I am sure that at some point, that engine broke, or a leather drive belt broke, or a machine broke. Supposing that any of the companies involved had moved on (think about the rapid pace of engine development during the earliest years of internal combustion engine deployment into factories) and would no longer offer parts or replacement units for any of the peices of this big moving puzzle.

    The factory would be in a position to
    - create the needed replacement parts themselves
    - pay the original creator to fix the problem
    - pay some new person to fix the problem
    - abandon some or all of the systems and retrofit something else in its place

    Now, you might say "ok, but if the engine had failed, wouldn't any engine work as long as it had a shaft outout and spun the same direction at the same speed?"

    Probably, with some work. I assure you, i cannot go and put my BMW's engine in my Audi and have it all just "work". Engine swaps even when you're taking an identical engine from an identical car are non-trivial. Once you have different interfaces, lots of custom work has to be done to make things work, and it is a painful laborious process.

    This would tend to suggest that retrofittability is critical in selecting the components that make your business run, which, when taken to the software analogy would suggest "demand documented open interfaces with open source software".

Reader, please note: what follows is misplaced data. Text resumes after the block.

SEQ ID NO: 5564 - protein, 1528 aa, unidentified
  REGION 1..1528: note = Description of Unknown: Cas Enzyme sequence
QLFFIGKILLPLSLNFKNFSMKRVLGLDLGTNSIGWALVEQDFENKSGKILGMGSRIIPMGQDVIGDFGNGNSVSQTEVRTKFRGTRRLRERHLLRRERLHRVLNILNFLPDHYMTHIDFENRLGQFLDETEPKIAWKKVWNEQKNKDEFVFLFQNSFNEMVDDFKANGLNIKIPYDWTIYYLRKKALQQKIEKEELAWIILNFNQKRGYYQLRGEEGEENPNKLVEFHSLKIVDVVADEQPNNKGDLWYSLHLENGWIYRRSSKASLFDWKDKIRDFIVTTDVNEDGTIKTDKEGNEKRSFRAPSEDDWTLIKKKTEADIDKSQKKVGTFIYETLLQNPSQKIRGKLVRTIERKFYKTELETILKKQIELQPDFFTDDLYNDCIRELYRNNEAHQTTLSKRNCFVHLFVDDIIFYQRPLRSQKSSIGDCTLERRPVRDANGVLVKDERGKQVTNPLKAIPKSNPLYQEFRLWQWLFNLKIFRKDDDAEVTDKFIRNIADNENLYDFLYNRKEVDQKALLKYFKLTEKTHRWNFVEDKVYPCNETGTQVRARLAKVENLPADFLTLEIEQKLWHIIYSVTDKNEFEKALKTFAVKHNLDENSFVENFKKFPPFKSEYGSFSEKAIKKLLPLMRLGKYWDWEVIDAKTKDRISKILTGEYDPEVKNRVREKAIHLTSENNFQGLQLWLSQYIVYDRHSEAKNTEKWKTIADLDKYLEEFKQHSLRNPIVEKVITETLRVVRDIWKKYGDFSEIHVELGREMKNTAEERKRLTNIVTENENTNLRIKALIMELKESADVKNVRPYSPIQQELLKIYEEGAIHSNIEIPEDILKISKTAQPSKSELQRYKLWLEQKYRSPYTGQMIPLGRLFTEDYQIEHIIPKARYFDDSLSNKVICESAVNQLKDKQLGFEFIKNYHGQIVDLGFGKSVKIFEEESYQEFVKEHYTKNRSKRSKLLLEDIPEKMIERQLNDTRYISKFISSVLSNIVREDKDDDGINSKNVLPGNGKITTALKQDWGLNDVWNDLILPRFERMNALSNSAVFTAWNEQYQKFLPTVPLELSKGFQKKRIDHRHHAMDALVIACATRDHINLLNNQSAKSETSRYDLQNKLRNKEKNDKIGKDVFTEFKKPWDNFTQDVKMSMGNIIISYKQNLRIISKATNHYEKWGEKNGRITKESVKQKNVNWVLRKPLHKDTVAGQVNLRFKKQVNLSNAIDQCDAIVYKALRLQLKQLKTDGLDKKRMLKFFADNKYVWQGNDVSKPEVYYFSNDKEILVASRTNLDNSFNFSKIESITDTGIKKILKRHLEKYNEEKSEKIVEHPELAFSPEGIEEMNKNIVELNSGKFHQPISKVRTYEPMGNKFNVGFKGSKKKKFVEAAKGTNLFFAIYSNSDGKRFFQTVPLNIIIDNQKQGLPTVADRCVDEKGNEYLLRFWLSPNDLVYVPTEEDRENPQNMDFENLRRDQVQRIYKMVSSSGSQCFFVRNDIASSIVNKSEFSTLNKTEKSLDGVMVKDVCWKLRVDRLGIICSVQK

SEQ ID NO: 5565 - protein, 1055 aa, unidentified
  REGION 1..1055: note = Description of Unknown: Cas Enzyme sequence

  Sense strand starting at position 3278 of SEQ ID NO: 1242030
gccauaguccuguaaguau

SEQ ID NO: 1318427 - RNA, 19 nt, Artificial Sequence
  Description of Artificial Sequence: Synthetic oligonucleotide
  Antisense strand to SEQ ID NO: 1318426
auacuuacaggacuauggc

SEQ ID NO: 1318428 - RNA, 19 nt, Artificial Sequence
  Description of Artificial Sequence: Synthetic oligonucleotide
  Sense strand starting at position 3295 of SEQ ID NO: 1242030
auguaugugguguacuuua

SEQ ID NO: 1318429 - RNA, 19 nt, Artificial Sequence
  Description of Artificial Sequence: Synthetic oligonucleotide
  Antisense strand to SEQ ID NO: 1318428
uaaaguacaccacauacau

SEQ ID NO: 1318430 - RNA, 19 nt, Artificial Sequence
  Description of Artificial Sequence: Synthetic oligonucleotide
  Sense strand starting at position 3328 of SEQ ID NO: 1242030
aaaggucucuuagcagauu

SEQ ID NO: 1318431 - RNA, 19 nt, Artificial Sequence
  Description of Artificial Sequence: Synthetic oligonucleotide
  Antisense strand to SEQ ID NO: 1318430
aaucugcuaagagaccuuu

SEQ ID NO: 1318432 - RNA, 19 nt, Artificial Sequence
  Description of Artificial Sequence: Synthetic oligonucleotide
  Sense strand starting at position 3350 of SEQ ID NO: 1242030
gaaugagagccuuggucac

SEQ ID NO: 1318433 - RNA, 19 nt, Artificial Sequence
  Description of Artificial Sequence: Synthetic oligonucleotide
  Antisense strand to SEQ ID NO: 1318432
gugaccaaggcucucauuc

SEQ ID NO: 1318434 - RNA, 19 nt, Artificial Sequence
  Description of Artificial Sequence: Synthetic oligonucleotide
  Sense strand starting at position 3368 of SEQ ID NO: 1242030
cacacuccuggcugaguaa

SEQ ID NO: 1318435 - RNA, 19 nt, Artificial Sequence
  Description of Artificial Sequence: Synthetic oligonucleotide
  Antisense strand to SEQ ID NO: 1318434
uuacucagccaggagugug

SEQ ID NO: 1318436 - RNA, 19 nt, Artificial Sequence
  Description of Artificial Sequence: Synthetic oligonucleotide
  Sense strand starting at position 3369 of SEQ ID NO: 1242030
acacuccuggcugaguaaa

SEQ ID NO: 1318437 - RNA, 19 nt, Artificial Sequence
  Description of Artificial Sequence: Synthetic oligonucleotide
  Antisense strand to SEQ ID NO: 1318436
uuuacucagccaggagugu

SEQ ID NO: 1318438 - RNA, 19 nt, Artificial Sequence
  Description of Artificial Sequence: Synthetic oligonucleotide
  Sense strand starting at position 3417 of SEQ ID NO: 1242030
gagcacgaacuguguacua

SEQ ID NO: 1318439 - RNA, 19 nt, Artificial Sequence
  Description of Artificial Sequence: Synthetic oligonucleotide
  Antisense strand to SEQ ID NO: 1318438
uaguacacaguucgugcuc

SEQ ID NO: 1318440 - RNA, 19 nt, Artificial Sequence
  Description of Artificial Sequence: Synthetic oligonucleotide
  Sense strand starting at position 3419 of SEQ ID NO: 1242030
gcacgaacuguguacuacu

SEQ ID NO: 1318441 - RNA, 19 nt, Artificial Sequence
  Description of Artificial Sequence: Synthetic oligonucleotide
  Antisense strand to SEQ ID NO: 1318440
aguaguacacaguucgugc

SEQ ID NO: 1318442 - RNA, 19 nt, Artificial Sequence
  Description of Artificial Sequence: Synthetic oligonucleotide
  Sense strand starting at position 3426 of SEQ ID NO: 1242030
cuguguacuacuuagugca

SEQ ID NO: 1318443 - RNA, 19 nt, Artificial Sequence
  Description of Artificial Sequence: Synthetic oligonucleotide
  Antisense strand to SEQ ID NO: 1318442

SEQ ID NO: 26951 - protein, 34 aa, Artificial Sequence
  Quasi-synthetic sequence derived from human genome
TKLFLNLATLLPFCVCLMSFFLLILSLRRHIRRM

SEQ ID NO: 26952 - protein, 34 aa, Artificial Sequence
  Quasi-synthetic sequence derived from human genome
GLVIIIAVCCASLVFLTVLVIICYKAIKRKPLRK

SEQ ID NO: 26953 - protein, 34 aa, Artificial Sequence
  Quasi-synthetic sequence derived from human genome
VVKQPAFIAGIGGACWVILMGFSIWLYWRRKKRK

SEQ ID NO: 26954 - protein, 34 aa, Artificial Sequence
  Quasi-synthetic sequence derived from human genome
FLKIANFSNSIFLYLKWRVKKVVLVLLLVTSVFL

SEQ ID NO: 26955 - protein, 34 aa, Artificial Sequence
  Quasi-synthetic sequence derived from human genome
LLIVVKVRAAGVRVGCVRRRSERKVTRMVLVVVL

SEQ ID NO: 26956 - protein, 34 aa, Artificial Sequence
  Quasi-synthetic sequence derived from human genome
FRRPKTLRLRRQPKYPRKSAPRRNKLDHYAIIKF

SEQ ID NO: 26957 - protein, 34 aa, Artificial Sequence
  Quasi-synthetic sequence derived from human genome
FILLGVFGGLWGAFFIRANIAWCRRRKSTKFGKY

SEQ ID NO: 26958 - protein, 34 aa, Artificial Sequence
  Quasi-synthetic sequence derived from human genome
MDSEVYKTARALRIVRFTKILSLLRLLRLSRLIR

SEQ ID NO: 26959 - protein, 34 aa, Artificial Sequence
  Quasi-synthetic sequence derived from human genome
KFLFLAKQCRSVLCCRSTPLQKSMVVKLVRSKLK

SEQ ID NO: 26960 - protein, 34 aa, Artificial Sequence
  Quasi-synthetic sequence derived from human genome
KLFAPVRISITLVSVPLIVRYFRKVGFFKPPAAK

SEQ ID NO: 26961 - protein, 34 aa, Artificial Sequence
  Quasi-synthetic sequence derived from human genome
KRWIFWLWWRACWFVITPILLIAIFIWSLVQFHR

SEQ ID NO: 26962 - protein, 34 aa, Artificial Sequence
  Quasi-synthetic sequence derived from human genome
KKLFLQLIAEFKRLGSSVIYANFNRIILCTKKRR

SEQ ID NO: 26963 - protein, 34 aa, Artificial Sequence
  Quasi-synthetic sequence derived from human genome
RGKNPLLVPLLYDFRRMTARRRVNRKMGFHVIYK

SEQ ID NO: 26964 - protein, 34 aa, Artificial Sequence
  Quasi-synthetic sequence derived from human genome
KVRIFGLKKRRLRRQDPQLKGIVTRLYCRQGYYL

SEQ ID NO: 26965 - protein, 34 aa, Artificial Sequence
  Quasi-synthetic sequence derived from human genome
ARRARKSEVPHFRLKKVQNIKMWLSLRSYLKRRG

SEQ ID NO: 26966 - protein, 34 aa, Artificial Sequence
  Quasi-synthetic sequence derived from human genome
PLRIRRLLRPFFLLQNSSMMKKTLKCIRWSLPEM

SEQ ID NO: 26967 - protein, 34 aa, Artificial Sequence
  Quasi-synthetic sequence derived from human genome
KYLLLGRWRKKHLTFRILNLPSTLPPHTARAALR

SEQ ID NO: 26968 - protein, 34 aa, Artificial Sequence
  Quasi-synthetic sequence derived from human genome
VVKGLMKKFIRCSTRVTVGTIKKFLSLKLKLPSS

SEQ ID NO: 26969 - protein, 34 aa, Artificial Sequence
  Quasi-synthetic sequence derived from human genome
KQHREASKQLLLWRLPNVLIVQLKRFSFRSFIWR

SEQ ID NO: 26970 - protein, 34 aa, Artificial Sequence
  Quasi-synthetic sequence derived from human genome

Yet the question arises - are any of the machines I've described still in use? Is using a leather belt still the best way to transfer power to a factory machine? Or do thinigs become obsolete not because of abandonware, but because progress has truly taken place? Now power is distributed via electricity, not leather belts and drive wheels. And the power doesn't come from a gas engine installed on site, the production of power has been outsourced to the power company. every part of this original system has become obsolete, irrespective of the simplistic, logical, obvious interfaces and boundaries.

    Sometimes, it makes sense to just throw the old stuff away because the cost of evolving outweighs the cost of leaping.

    And often times, the cost of compatability is high. Everyone seems to understand that one big reason Microsoft gets into security trouble is due to the desire to maintain backward compatability... the need to maintain interfaces and expected behaviors. Compatability/retrofittability/ease of integration are sometimes at odds with innovation and progress.